As the COVID-19 pandemic forced us all into lockdown, traffic numbers showed a sharp decline. Traffic use dropped 75% around the world with the positive outcome of air pollution levels reducing dramatically. Much of this is down to the increasing number of those working from home and the drastic decrease in travel for leisure.

Martin Lamb, Prof Alan Stevens and Vijay Ramdas of the International Transport Experts Network (ITEN) consider the future of transport in the post-COVID future in an article for Thinking Highways

Before COVID-19, only 5% of UK workers were listed as working from home. This increased to around 50% in April once lockdown restrictions were put in place and an additional 20% had been furloughed. On top of this, companies have invested in hardware and software that allows employees to work from home, thus initiating conversations on whether this will continue after restrictions are lifted. There are also many retailers who have taken a hit with the closure of stores, some of which won’t be able to reopen.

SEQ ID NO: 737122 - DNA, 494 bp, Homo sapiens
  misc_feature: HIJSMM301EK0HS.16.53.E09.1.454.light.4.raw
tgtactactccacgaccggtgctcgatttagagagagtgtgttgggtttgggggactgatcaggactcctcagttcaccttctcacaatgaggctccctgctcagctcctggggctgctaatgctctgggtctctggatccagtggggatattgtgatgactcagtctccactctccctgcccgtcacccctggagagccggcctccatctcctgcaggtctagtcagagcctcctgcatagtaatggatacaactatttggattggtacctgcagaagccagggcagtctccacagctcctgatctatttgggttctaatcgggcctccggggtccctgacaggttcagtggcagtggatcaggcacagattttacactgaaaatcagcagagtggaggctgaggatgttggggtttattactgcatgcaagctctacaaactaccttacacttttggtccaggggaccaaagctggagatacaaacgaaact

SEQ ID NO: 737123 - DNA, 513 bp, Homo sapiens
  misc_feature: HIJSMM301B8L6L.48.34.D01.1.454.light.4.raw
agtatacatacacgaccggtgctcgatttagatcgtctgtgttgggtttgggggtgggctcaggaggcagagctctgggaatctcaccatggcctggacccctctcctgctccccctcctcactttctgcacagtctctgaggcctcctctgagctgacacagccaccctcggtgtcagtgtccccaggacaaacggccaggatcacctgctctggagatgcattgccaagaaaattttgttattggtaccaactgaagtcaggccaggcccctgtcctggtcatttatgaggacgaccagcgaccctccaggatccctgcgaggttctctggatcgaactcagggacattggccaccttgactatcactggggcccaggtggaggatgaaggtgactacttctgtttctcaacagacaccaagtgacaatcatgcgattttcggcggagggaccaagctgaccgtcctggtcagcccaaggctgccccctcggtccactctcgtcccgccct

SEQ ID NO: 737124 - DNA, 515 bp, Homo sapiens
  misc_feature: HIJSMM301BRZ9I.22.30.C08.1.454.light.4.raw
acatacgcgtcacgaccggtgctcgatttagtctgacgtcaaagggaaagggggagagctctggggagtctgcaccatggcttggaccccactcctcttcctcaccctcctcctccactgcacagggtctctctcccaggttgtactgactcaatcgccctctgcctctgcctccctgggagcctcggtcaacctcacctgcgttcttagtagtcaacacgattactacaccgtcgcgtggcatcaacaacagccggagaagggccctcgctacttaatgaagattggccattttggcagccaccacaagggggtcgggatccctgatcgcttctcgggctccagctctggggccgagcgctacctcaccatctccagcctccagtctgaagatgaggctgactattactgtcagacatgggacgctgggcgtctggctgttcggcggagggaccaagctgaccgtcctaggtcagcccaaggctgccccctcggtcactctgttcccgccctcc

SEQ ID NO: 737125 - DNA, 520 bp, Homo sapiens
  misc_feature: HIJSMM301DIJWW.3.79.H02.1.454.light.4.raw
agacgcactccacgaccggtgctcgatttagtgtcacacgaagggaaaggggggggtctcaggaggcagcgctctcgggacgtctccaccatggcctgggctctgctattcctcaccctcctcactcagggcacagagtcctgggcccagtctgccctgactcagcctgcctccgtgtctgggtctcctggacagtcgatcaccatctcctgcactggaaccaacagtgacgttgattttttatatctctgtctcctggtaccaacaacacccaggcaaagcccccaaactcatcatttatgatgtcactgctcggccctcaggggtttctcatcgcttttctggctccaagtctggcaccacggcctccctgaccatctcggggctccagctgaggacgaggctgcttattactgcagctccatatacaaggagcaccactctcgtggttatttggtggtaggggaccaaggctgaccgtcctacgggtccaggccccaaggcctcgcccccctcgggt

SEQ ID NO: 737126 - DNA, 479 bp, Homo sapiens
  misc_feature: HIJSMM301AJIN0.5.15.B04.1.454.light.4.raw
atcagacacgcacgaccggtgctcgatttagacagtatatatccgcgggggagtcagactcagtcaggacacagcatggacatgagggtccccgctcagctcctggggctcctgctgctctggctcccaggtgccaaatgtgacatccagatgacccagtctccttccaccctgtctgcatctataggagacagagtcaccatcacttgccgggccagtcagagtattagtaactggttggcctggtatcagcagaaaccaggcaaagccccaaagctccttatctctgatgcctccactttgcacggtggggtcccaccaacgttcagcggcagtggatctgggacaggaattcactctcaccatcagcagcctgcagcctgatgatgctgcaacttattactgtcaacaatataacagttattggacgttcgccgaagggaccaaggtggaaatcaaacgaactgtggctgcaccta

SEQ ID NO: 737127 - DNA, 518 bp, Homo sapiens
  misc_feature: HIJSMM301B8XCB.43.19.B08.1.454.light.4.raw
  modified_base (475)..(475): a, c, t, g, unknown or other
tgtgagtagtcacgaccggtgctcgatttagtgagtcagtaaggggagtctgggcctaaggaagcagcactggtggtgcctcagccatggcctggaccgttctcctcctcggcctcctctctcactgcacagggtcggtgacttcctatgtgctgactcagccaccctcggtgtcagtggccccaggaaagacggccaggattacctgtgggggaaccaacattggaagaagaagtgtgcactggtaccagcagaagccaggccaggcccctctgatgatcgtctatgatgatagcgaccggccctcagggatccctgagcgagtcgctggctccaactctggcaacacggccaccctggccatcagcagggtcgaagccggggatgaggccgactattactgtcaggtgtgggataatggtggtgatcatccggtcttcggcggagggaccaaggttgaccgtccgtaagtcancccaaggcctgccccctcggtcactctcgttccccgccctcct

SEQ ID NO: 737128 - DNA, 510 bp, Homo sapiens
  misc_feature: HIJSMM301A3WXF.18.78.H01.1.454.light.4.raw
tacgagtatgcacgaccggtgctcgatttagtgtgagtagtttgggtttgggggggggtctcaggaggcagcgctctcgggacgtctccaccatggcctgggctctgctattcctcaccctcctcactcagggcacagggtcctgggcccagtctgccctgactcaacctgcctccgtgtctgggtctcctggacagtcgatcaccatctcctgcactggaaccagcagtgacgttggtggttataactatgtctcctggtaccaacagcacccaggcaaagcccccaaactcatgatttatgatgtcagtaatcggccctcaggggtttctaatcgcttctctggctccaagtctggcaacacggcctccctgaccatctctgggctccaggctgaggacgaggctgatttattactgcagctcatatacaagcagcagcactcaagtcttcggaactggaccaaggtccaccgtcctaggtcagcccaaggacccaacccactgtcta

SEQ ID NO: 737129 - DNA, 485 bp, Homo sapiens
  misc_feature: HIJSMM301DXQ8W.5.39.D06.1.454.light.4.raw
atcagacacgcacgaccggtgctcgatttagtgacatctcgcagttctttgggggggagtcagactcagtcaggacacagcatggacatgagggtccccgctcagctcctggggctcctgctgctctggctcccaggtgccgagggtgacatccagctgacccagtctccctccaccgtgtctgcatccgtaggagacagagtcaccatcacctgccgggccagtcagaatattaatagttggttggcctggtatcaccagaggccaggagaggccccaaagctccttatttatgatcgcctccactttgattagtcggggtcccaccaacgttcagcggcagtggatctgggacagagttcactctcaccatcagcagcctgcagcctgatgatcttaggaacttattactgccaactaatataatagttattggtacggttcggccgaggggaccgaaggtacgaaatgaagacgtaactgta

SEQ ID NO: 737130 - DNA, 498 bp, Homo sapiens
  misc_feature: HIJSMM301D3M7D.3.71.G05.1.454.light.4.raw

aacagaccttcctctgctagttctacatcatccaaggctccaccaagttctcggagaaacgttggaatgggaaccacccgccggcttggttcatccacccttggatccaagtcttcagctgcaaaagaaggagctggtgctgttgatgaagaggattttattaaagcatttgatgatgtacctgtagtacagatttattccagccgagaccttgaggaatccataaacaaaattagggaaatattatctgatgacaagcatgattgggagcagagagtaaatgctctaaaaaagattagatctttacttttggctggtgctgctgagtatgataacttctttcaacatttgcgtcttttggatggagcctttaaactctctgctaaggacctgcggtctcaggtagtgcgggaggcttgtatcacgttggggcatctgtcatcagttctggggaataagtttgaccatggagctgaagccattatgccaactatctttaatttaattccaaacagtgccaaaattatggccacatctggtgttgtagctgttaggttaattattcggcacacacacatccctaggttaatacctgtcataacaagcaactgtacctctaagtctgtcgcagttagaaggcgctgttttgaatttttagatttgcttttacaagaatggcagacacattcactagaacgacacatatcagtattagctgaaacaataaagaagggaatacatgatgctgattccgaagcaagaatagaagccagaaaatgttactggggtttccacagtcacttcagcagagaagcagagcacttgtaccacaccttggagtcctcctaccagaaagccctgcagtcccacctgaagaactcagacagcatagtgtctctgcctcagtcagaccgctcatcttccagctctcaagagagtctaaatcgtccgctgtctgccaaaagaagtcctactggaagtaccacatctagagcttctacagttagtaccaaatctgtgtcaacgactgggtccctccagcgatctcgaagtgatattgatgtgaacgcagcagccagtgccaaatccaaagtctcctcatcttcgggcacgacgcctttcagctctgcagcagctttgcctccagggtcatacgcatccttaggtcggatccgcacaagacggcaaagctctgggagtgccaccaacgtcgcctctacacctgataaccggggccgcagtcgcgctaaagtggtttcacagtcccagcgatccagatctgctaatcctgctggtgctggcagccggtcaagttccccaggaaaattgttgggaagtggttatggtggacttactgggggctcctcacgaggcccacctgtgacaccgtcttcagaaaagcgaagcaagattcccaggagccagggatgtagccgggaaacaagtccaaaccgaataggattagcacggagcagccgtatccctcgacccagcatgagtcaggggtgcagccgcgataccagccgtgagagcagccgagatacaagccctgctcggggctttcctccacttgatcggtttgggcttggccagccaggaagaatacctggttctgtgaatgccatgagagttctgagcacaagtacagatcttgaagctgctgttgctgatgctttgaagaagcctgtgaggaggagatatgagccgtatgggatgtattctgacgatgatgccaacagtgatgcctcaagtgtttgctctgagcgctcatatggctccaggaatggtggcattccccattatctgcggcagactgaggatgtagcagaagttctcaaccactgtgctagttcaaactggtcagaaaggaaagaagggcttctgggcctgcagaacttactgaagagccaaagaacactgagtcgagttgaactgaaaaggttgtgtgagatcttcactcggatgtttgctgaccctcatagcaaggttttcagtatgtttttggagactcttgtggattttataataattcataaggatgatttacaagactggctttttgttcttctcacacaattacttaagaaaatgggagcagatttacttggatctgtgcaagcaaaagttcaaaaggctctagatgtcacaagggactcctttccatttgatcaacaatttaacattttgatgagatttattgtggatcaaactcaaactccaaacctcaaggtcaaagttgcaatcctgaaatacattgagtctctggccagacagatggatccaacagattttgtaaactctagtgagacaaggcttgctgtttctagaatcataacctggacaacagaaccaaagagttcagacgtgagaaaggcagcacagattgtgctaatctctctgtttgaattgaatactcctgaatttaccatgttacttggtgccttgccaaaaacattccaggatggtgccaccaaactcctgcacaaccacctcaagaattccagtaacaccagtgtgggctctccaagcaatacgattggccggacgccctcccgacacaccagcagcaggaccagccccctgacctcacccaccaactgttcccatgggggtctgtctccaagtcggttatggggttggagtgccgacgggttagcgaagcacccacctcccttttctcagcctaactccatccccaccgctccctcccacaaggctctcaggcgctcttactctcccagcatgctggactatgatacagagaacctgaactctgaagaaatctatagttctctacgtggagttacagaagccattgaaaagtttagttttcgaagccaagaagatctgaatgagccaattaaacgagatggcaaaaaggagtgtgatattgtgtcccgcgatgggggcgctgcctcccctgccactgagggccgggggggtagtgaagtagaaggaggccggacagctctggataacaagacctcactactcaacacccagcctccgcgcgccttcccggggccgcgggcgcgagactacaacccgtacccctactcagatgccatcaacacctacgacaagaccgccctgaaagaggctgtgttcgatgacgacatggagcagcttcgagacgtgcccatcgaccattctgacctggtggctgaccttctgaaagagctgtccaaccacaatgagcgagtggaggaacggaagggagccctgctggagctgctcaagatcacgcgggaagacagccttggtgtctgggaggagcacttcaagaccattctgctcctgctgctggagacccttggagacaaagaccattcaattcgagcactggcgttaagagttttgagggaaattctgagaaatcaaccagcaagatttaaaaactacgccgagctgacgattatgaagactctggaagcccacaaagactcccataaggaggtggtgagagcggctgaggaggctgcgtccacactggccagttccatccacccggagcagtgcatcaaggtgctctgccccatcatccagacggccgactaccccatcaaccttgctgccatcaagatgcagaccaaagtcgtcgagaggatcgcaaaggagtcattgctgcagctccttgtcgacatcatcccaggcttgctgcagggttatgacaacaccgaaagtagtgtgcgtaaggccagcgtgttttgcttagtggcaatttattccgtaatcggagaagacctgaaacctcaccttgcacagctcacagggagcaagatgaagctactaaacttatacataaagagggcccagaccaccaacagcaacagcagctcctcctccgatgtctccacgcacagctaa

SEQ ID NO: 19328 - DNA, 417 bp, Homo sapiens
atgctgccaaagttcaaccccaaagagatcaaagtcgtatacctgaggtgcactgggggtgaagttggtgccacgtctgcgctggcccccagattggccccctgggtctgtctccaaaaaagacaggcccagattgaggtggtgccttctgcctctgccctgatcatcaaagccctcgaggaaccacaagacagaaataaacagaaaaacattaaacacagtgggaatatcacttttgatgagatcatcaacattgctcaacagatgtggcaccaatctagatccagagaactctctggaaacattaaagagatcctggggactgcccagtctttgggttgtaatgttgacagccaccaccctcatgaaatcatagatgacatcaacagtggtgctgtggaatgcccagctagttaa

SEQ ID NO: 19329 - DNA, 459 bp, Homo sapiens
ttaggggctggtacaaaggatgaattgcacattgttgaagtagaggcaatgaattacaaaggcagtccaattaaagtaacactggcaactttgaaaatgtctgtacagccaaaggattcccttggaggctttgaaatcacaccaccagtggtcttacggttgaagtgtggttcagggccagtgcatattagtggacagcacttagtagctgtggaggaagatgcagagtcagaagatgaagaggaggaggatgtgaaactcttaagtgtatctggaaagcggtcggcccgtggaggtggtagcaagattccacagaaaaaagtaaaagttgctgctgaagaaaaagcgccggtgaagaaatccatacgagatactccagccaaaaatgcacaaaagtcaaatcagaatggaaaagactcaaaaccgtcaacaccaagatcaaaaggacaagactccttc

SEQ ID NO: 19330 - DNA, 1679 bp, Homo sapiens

All of the above will have an impact on how and how much travel once people are able to return to “normal”. With restrictions lifting slowly, the immediate future of traffic will involve lower levels than pre-COVID and, with more people choosing to work from home, this may impact on how much people are willing to travel for business.

A more serious risk post-COVID is a return to single car use due to social distancing and a reluctance to use public transport. Despite discussions and evidence gathering on the merits of road pricing, no UK Government as yet to implement it. Less congested roads are beneficial for emergency users, essential users and for on-time freight deliveries, it might be more acceptable to introduce some form of road pricing to suppress ‘leisure’/non-essential travel.

Read the full article on the H3B Connected website.